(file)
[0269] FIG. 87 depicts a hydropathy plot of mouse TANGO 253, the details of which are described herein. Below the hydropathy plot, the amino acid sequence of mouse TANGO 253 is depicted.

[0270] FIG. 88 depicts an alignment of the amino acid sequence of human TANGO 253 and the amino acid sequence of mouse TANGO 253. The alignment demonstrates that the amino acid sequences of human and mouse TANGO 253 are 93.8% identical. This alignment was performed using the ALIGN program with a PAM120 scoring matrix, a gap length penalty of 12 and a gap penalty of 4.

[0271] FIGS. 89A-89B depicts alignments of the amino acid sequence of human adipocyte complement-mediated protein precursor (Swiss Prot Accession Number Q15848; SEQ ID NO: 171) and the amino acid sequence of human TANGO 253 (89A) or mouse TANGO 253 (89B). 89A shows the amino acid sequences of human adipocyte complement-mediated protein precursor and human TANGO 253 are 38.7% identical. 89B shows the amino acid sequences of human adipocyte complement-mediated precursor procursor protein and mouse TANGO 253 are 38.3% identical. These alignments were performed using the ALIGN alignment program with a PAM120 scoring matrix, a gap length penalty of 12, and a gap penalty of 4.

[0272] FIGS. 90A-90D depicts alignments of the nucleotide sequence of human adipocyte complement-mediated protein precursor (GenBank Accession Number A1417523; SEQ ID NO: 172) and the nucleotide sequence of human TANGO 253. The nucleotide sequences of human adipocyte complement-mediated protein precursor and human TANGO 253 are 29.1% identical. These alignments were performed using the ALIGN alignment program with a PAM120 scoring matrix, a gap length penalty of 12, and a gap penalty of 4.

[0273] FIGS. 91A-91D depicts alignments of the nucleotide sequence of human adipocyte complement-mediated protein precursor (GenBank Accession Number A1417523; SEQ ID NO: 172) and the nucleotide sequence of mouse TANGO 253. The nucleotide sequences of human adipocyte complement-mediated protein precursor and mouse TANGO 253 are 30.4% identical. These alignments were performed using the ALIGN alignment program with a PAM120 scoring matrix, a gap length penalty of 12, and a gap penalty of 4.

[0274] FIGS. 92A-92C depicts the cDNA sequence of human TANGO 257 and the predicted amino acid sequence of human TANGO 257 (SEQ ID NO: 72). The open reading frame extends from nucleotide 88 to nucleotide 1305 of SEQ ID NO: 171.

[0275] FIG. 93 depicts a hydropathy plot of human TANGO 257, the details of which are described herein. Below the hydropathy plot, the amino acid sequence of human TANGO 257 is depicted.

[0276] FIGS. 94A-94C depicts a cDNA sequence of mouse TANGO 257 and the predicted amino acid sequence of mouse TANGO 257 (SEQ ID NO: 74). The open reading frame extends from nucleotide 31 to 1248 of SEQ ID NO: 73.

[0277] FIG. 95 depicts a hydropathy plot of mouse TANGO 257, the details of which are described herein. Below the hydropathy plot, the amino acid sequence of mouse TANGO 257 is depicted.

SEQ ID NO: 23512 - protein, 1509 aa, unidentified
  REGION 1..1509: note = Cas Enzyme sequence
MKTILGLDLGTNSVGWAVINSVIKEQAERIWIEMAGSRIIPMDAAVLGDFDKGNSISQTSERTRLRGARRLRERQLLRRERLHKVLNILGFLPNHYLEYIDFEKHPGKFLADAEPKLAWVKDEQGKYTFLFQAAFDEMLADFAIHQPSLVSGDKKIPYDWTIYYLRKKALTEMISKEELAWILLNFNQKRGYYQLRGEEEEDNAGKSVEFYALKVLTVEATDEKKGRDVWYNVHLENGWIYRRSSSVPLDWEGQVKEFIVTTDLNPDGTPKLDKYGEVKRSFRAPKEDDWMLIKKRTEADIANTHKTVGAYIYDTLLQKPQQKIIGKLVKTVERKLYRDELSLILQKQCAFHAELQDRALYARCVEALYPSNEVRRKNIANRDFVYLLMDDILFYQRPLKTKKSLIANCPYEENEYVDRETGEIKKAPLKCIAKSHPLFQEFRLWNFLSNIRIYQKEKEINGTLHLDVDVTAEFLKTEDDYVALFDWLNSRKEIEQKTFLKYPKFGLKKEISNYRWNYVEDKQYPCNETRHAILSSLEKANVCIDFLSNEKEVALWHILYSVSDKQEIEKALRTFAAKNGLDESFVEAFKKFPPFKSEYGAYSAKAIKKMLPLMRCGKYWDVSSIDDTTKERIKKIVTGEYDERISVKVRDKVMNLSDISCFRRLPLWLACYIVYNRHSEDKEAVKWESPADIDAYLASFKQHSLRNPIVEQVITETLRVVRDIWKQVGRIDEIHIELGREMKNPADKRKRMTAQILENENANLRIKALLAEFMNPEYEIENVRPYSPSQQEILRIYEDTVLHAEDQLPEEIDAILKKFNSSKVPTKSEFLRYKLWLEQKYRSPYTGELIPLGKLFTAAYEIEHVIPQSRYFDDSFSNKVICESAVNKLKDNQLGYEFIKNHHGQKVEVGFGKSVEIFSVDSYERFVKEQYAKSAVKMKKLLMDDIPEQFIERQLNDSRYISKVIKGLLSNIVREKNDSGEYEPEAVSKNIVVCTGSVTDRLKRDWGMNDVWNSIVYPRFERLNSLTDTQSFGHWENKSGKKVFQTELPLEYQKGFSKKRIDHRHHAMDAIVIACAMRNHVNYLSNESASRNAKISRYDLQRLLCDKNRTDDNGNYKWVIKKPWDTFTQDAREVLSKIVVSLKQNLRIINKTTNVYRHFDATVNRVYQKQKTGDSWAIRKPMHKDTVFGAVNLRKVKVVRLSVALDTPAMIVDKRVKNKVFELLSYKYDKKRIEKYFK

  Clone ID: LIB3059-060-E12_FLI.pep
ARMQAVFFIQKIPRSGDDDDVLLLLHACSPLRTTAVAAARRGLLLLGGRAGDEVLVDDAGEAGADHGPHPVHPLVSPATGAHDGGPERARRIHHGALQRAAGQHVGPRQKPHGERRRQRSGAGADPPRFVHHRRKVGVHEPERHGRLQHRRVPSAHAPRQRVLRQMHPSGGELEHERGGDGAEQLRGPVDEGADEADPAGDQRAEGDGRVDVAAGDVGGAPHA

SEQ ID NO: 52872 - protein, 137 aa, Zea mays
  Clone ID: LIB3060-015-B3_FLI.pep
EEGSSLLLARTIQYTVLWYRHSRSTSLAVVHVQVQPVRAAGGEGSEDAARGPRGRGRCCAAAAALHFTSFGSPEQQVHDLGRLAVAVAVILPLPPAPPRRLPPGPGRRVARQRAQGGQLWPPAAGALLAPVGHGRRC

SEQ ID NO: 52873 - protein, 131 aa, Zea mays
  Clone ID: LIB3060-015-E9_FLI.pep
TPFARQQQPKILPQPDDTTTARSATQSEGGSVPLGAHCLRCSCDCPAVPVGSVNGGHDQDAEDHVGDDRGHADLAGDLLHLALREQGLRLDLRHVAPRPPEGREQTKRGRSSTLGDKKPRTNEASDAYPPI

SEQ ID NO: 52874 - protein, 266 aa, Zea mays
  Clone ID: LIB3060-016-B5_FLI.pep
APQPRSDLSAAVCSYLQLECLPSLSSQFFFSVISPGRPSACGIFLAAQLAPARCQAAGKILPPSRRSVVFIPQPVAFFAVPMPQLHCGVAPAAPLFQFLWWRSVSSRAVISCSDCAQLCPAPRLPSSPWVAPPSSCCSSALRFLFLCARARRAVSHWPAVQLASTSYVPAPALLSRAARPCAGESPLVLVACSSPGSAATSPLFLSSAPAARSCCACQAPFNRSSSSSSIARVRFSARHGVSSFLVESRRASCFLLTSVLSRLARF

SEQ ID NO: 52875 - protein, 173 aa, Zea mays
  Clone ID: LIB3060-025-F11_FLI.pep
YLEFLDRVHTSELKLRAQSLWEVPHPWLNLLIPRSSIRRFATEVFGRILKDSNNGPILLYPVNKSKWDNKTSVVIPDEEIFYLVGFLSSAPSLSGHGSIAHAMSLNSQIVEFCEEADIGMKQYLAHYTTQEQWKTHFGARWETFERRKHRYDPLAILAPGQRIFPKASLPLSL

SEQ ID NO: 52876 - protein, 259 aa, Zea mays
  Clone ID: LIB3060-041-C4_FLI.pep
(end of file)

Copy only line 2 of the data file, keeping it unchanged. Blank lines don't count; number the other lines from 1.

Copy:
[0270] FIG. 88 depicts an alignment of the amino acid sequence of human TANGO 253 and the amino acid sequence of mouse TANGO 253. The alignment demonstrates that the amino acid sequences of human and mouse TANGO 253 are 93.8% identical. This alignment was performed using the ALIGN program with a PAM120 scoring matrix, a gap length penalty of 12 and a gap penalty of 4.